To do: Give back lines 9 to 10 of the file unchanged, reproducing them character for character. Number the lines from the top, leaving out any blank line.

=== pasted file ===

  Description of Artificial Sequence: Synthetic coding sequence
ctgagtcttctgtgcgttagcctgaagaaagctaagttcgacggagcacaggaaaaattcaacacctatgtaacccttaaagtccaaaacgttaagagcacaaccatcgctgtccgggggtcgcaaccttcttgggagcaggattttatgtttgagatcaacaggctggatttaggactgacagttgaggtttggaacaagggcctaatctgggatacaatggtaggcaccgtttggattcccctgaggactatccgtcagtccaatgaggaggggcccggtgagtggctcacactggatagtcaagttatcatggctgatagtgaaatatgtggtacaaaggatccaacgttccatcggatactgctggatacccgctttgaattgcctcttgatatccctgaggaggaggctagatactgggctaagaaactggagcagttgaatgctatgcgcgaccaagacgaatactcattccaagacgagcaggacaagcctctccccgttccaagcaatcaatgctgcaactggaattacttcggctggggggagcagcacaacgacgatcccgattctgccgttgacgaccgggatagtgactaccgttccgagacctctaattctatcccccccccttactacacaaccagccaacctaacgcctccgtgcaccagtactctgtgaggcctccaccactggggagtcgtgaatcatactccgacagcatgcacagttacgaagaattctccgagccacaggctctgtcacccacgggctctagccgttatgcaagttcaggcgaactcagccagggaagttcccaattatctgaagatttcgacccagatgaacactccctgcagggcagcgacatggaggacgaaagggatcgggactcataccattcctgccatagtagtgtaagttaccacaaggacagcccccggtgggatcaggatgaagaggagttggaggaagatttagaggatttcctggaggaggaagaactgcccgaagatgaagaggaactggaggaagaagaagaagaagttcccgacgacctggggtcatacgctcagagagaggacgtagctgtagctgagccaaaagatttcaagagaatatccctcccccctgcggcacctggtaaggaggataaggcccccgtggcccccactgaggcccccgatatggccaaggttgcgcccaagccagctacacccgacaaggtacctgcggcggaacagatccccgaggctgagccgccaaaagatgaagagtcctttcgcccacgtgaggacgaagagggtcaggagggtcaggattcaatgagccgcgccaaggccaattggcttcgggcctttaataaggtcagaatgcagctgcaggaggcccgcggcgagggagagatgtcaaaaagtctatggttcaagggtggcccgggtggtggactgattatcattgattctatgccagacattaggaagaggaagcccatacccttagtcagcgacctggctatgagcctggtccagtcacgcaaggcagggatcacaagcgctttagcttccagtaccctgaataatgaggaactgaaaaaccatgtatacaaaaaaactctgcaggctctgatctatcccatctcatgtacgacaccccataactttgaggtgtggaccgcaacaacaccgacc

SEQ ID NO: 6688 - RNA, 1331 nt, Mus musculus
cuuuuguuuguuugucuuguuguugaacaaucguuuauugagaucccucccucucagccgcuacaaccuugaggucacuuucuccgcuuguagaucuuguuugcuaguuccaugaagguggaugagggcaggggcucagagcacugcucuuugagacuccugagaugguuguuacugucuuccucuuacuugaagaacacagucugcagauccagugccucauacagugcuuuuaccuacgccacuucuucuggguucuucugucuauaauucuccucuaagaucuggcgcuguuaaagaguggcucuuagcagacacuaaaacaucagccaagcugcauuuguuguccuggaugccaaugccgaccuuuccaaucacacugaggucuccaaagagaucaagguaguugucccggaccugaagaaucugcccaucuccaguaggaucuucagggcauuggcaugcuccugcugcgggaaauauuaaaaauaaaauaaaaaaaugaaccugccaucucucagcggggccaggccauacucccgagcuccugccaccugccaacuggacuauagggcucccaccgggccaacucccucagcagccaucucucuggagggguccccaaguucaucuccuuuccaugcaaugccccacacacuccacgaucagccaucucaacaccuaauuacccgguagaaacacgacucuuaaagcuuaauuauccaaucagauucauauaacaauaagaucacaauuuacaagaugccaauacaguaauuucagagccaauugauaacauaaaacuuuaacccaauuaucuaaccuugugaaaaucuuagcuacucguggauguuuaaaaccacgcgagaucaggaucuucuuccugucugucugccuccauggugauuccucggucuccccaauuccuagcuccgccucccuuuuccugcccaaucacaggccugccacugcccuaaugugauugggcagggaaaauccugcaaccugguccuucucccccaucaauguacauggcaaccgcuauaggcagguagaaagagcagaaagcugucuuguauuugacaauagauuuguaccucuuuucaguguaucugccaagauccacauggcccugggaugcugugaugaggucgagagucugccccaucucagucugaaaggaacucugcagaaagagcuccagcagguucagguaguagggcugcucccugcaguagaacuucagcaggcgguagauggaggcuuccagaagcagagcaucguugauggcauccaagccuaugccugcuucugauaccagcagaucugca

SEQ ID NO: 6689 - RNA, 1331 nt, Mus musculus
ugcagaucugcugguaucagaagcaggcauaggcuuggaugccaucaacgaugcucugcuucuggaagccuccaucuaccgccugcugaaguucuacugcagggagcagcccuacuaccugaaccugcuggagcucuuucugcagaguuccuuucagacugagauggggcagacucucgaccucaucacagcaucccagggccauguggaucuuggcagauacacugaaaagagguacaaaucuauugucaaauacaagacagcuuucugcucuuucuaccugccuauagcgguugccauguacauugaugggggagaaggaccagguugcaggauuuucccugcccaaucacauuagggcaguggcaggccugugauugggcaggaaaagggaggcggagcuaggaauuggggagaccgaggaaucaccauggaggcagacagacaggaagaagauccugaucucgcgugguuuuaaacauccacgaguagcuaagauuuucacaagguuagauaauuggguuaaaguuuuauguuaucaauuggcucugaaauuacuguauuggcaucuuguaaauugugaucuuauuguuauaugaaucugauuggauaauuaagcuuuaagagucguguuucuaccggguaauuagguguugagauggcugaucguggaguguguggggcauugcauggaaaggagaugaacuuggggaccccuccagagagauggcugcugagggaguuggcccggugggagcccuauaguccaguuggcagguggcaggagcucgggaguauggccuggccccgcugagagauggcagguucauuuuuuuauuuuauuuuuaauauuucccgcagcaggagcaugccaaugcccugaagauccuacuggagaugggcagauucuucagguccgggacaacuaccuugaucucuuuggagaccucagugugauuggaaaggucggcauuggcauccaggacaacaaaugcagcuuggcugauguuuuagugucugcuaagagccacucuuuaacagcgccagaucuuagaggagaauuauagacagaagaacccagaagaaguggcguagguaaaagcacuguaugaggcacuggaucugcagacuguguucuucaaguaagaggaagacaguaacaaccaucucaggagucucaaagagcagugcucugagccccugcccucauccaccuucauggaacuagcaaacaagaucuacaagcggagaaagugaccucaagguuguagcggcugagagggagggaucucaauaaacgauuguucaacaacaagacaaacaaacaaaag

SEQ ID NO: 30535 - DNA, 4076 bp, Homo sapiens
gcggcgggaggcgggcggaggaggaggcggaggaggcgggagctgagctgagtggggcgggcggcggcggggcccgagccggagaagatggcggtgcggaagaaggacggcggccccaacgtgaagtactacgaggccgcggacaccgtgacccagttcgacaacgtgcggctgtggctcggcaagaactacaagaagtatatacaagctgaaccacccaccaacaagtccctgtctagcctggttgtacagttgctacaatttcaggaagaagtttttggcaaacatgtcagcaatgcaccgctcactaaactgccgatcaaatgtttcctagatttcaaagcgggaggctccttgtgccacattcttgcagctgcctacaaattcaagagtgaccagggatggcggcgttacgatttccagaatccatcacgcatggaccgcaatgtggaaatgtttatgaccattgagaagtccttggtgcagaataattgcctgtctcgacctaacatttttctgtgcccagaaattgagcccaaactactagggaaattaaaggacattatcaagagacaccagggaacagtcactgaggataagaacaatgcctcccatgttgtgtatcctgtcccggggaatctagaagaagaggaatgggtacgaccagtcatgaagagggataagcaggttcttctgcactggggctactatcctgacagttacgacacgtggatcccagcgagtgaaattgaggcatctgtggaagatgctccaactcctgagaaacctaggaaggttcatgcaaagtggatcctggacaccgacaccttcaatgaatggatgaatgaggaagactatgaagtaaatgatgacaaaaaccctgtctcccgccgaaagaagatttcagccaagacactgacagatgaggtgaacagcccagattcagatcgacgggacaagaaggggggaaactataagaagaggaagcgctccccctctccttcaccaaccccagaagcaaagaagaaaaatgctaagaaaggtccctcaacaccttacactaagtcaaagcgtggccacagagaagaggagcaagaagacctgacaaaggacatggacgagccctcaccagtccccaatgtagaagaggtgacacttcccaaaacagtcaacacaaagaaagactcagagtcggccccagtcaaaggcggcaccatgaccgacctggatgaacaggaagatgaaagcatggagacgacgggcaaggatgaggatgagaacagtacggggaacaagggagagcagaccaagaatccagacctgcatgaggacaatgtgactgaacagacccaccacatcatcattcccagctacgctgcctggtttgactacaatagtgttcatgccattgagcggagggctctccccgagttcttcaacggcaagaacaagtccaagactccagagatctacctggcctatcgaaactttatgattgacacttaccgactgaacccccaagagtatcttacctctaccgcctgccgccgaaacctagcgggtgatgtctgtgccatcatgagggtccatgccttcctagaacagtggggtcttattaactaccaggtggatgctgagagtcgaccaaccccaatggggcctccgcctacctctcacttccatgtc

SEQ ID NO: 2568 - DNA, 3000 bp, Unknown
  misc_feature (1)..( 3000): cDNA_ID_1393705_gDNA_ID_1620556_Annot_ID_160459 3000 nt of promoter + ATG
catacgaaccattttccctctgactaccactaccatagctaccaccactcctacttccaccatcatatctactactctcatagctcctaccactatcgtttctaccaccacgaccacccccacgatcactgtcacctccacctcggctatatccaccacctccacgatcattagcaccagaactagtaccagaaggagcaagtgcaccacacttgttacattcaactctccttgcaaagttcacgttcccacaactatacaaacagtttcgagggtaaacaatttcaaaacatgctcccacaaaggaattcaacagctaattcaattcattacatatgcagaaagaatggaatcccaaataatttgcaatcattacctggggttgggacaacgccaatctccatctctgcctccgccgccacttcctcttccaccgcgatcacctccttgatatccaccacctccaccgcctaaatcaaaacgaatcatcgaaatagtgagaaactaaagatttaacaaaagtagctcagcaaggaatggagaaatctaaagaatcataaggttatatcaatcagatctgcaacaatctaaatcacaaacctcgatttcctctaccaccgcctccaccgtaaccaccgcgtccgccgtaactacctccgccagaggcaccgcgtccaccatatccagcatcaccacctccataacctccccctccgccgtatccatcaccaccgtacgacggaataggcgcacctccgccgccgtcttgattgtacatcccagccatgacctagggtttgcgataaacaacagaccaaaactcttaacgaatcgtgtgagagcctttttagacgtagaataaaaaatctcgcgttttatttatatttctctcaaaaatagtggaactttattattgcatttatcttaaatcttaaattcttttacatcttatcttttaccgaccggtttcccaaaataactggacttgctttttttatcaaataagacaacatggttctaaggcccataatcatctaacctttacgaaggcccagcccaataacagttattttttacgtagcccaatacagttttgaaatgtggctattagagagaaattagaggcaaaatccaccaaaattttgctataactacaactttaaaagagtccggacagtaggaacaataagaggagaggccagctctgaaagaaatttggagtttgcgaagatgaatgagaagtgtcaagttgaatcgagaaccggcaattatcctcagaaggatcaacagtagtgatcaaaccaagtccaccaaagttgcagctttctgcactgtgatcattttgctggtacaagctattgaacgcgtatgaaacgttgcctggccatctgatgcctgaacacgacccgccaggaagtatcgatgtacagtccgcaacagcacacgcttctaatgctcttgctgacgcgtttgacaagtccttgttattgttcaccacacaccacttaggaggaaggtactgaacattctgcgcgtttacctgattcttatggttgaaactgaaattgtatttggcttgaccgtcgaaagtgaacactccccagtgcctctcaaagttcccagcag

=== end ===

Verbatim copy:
SEQ ID NO: 2568 - DNA, 3000 bp, Unknown
  misc_feature (1)..( 3000): cDNA_ID_1393705_gDNA_ID_1620556_Annot_ID_160459 3000 nt of promoter + ATG